Metro Weekly

Shabnum Mausi

Reel Affirmations 2006

Review by Will O’Bryan

Rating: starstarstarstar (4 out of 5)

Monday, 10/16/2006, 6:30 PM
Feature presentation, $9 at Landmark’s E Street Cinema
Hindi with English subtitles

IN THE COURSE of its two-and-a-half hours, Shabnam Mausi offers a mixed bag — possibly one of the most mixed-up bags in existence, actually. There are hermaphrodites, referred to as ”eunuchs” in the Indian vernacular. Dancing and singing ensue, as do quaint martial-arts fight scenes, complete with those dubbed-in ”whack” noises that made Bruce Lee famous. There is life and death, pageantry and politics in this epic-length tale based on the real-life woman of the movie’s title.

The non-fiction Shabnam Mausi fought against the cultural exclusion faced by India’s hermaphrodite community, and became an elected and beloved legislator. Whether she did it with as many songs as her celluloid namesake is anyone’s guess. One can hope there were certainly fewer deaths than are presented on-screen.

Despite its out-of-synch subtitles and meandering storyline, this colorful jumble does offer two particularly scarce gems for Reel Affirmations audiences. First, when’s the last time anyone saw a reality-based film about a transgender politician? Second, with many foreign films being made with an eye to getting an American release, Shabnam is an undeniably home-grown delicacy. If anyone in ”Bollywood” thought for a second that this film would be showing stateside, they likely would’ve spent more time on the subtitle translations. After all, ”I wanted to keep a gold coin on your broken fate line,” may mean an awful lot in Hindi, but it’s not going to mean much at the E Street Cinema. Such is the price of authenticity.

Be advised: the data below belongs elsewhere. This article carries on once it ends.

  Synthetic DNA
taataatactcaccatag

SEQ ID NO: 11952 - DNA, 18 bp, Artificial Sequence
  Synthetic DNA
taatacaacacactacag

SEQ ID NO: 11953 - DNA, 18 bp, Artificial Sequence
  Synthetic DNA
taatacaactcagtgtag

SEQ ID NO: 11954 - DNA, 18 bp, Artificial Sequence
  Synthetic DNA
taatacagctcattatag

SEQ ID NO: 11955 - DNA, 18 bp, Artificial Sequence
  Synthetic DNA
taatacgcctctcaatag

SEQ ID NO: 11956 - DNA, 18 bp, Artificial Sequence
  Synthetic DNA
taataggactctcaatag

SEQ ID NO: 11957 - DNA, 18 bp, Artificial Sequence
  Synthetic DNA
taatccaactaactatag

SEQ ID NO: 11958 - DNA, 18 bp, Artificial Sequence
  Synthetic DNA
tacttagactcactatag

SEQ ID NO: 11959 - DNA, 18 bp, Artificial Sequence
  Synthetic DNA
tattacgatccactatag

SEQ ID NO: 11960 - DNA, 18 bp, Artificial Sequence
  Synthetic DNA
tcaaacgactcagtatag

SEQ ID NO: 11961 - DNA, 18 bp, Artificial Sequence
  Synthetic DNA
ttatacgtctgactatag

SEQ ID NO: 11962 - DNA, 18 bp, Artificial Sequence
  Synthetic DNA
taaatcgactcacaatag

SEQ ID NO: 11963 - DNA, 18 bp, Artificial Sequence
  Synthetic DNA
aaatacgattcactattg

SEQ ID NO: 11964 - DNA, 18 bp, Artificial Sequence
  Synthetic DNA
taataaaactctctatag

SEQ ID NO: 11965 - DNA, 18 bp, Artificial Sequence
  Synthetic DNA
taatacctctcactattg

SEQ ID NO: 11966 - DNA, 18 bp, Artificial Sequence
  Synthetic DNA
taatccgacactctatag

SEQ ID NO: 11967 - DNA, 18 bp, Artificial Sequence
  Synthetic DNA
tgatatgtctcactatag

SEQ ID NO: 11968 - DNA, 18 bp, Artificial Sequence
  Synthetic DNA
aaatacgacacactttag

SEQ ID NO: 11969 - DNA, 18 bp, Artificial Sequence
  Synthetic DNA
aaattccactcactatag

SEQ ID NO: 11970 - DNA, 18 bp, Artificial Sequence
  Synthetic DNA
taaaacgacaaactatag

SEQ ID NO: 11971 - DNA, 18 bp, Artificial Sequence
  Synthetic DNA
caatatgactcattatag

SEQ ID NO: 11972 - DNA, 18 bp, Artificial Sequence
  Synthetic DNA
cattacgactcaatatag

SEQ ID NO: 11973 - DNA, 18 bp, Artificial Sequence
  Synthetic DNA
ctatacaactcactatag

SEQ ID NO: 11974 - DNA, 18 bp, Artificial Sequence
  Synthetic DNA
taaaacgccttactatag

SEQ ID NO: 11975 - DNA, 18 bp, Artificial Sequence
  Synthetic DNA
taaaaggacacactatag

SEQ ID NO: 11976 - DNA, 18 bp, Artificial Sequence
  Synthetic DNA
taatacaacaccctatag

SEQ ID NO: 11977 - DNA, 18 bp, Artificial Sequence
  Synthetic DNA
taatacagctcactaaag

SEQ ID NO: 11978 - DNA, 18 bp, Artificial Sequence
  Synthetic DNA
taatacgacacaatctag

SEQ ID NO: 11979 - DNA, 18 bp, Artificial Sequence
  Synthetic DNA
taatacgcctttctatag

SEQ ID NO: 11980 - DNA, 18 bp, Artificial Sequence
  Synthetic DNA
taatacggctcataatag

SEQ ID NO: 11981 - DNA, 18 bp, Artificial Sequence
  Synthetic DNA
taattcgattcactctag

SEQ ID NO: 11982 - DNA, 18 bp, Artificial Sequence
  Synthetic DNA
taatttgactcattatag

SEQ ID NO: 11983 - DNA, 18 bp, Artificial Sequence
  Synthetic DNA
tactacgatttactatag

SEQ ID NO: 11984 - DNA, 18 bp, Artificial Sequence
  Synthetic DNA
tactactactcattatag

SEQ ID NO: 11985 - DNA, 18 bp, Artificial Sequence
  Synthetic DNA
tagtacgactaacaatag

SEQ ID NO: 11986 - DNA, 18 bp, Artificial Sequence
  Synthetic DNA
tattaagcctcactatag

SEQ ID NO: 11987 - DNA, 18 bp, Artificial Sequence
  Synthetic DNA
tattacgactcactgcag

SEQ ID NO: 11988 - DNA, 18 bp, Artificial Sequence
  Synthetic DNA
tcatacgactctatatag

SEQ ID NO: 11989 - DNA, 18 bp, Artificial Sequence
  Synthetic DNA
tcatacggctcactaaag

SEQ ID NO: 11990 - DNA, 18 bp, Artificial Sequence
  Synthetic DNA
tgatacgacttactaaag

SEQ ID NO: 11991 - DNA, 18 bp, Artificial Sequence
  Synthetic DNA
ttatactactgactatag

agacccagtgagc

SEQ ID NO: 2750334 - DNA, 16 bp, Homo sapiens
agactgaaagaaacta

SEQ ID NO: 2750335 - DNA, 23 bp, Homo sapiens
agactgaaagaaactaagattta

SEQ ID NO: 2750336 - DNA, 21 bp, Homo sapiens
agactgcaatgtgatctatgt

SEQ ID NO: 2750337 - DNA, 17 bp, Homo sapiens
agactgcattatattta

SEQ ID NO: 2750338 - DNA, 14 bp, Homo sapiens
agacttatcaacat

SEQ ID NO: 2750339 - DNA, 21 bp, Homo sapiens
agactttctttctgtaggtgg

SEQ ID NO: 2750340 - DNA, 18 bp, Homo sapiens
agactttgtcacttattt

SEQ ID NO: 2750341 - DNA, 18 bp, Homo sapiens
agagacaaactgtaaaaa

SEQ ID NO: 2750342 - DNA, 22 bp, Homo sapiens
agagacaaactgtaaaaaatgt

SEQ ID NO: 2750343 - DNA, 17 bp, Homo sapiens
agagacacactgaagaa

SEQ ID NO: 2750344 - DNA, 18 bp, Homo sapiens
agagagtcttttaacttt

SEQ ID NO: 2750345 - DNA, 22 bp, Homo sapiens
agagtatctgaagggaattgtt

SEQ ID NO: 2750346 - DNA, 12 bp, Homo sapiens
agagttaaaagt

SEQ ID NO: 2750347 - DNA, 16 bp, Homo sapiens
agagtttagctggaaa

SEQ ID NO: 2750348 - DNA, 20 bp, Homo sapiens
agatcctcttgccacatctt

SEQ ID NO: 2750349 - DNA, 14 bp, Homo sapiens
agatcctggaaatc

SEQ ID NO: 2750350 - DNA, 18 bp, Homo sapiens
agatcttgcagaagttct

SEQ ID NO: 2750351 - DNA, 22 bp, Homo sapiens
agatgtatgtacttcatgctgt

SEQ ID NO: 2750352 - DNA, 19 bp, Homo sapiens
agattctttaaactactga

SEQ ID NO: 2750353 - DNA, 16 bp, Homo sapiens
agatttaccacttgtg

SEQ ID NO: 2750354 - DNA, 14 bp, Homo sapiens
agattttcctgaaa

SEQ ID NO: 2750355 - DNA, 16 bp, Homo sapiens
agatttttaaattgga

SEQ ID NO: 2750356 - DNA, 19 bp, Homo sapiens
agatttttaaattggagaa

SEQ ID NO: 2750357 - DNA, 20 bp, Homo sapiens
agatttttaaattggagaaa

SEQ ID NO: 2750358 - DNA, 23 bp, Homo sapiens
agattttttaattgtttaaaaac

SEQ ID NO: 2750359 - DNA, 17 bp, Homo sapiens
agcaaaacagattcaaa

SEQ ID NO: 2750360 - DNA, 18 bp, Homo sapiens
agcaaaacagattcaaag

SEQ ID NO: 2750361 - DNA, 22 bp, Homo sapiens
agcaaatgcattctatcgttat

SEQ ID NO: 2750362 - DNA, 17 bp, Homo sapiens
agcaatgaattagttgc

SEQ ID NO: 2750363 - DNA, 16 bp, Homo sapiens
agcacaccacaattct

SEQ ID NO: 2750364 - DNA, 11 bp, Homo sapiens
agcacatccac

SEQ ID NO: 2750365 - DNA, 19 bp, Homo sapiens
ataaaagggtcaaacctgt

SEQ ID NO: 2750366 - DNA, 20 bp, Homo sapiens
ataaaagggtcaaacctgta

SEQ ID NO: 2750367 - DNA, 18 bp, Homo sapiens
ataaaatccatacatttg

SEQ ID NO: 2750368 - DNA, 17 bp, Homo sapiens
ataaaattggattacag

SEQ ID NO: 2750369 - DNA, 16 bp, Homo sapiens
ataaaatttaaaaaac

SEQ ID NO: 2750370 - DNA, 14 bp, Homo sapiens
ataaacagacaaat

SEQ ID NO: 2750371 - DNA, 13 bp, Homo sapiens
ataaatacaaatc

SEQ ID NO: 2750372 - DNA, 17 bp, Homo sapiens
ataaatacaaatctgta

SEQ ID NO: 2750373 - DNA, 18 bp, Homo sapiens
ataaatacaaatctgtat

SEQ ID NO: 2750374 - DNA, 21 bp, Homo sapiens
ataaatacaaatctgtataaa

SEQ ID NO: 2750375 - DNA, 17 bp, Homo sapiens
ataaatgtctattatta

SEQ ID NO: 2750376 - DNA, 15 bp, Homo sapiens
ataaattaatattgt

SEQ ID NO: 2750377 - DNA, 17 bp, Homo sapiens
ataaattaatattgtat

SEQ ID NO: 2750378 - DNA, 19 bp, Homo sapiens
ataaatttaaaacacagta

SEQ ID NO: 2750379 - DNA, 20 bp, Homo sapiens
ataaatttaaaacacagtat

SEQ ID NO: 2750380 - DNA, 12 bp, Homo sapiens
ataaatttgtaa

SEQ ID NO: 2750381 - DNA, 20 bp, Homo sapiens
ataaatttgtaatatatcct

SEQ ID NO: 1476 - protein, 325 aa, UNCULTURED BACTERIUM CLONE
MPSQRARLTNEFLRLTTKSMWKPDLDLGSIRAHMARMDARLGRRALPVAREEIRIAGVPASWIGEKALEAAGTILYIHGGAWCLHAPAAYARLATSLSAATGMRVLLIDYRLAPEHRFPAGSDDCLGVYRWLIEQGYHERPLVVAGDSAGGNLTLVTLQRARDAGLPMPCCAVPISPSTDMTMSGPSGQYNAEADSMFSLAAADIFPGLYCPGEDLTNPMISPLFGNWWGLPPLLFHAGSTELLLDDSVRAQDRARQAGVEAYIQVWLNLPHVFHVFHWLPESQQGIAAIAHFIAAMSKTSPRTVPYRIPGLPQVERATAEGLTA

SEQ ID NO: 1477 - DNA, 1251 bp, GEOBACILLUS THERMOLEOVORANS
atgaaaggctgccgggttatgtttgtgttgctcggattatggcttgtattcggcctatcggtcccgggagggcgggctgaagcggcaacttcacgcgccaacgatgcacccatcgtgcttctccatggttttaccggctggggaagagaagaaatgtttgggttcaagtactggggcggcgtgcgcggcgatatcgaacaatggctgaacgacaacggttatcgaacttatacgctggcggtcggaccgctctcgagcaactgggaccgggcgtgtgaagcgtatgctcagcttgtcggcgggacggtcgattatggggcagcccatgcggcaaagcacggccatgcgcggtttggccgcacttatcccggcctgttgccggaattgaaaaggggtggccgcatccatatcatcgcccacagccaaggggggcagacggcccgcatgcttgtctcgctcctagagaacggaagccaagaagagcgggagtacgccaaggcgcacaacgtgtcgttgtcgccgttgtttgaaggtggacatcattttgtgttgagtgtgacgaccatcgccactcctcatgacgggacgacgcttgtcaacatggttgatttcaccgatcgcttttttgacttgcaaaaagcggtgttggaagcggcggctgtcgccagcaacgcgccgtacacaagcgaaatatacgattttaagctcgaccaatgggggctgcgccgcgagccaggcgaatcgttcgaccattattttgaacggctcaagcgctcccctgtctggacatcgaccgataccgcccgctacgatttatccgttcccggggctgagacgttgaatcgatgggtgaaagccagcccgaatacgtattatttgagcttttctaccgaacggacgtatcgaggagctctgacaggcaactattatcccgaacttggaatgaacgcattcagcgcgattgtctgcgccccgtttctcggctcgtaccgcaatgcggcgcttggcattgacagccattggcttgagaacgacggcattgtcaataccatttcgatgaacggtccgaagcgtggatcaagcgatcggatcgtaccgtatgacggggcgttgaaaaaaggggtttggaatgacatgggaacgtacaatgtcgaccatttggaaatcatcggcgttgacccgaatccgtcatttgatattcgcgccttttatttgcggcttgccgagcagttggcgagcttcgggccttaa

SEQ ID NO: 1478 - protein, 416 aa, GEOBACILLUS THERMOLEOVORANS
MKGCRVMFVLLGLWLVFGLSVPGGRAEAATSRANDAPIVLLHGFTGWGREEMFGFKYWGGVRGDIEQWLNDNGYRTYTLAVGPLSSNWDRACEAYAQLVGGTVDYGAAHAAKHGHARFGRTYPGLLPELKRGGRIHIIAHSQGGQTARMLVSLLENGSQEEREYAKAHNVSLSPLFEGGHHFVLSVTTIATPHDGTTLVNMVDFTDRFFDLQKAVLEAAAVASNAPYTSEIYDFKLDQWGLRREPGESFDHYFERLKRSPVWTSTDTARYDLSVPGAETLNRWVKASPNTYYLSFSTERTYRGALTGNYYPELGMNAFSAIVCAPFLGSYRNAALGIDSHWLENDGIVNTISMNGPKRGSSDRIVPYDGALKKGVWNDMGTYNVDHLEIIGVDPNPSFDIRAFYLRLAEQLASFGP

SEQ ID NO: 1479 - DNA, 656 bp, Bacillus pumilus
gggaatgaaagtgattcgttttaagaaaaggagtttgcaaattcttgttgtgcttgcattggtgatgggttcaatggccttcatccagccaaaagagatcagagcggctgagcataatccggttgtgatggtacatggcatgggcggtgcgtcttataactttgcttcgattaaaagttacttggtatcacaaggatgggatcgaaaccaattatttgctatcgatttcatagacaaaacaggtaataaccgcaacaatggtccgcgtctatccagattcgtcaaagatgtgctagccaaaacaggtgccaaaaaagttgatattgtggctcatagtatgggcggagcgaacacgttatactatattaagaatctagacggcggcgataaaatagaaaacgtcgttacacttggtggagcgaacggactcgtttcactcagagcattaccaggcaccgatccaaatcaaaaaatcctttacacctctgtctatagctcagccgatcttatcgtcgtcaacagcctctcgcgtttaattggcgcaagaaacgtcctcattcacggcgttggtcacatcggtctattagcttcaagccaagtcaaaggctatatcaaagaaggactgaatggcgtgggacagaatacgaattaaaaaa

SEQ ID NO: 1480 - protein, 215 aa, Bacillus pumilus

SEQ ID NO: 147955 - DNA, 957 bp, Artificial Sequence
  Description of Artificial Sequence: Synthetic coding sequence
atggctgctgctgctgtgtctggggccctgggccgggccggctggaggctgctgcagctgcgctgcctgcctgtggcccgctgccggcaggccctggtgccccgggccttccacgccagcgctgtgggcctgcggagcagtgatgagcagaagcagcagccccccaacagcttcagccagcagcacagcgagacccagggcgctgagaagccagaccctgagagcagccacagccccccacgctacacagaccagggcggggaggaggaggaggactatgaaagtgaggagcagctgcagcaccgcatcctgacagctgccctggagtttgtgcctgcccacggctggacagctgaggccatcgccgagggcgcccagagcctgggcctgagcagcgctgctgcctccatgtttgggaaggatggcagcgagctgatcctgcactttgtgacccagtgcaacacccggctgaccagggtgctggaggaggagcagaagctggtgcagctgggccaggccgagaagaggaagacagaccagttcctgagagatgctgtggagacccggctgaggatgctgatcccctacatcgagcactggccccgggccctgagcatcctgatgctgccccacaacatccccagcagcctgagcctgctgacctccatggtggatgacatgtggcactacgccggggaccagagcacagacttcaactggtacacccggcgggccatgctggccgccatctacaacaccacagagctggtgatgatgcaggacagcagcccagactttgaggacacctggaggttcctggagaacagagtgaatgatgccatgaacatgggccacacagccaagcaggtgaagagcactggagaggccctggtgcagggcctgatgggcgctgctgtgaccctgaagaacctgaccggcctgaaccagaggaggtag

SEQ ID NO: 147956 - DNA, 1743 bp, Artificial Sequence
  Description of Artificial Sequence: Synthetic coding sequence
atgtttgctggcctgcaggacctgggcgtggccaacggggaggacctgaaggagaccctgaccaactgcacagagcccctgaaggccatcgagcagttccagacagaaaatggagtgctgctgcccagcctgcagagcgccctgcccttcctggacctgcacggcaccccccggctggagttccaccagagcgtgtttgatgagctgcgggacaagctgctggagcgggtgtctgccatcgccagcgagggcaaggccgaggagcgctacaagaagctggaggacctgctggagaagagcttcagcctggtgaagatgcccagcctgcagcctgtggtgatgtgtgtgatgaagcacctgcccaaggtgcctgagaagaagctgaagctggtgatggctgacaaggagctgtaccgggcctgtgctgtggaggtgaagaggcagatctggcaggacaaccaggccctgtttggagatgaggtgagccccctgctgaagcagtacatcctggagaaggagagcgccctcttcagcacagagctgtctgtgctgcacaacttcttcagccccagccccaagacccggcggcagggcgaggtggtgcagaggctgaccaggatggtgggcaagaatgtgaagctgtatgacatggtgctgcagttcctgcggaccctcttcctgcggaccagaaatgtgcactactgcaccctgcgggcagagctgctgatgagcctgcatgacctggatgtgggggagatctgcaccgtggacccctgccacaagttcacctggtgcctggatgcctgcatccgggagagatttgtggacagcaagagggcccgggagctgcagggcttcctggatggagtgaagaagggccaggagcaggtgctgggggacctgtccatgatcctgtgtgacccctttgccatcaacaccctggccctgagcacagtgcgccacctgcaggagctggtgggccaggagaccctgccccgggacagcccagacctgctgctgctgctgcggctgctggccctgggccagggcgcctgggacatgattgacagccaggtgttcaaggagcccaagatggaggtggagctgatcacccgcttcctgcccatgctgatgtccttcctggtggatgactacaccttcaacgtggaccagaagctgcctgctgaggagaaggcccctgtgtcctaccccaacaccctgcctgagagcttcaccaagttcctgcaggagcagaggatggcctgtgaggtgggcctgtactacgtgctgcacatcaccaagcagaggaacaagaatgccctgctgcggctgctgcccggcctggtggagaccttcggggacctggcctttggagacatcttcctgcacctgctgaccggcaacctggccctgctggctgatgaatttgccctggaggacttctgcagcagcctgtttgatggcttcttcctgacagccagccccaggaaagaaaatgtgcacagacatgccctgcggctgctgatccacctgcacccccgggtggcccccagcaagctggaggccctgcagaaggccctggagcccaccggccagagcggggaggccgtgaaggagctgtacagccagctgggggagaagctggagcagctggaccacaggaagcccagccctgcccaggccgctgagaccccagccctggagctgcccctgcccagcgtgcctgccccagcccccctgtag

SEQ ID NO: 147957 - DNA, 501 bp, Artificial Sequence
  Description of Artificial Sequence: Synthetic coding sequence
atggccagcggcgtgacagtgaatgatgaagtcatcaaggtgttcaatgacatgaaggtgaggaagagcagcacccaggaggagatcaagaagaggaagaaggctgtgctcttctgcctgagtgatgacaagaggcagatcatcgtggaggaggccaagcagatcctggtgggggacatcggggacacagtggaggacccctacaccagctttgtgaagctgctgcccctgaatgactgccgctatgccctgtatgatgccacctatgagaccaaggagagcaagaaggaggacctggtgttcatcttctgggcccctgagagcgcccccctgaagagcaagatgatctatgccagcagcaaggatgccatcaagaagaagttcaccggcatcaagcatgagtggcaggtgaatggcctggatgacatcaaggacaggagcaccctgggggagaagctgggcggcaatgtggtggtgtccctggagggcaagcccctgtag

The recommendation is to check out Shabnam Mausi, with a few conditions. Stop into the downtown Bombay Club’s bar for a couple Kingfisher beers to help keep you fixated on the screen. While you’re there, make a reservation for dinner after the movie as a reward for your diligence. And, most importantly, try to find someone familiar with Indian metaphors to come along and help you understand the importance of the dramatically delivered: ”Where there are no bones, dogs do not wag their tails; they lift their legs.” — WOB

Shabnum Mausi

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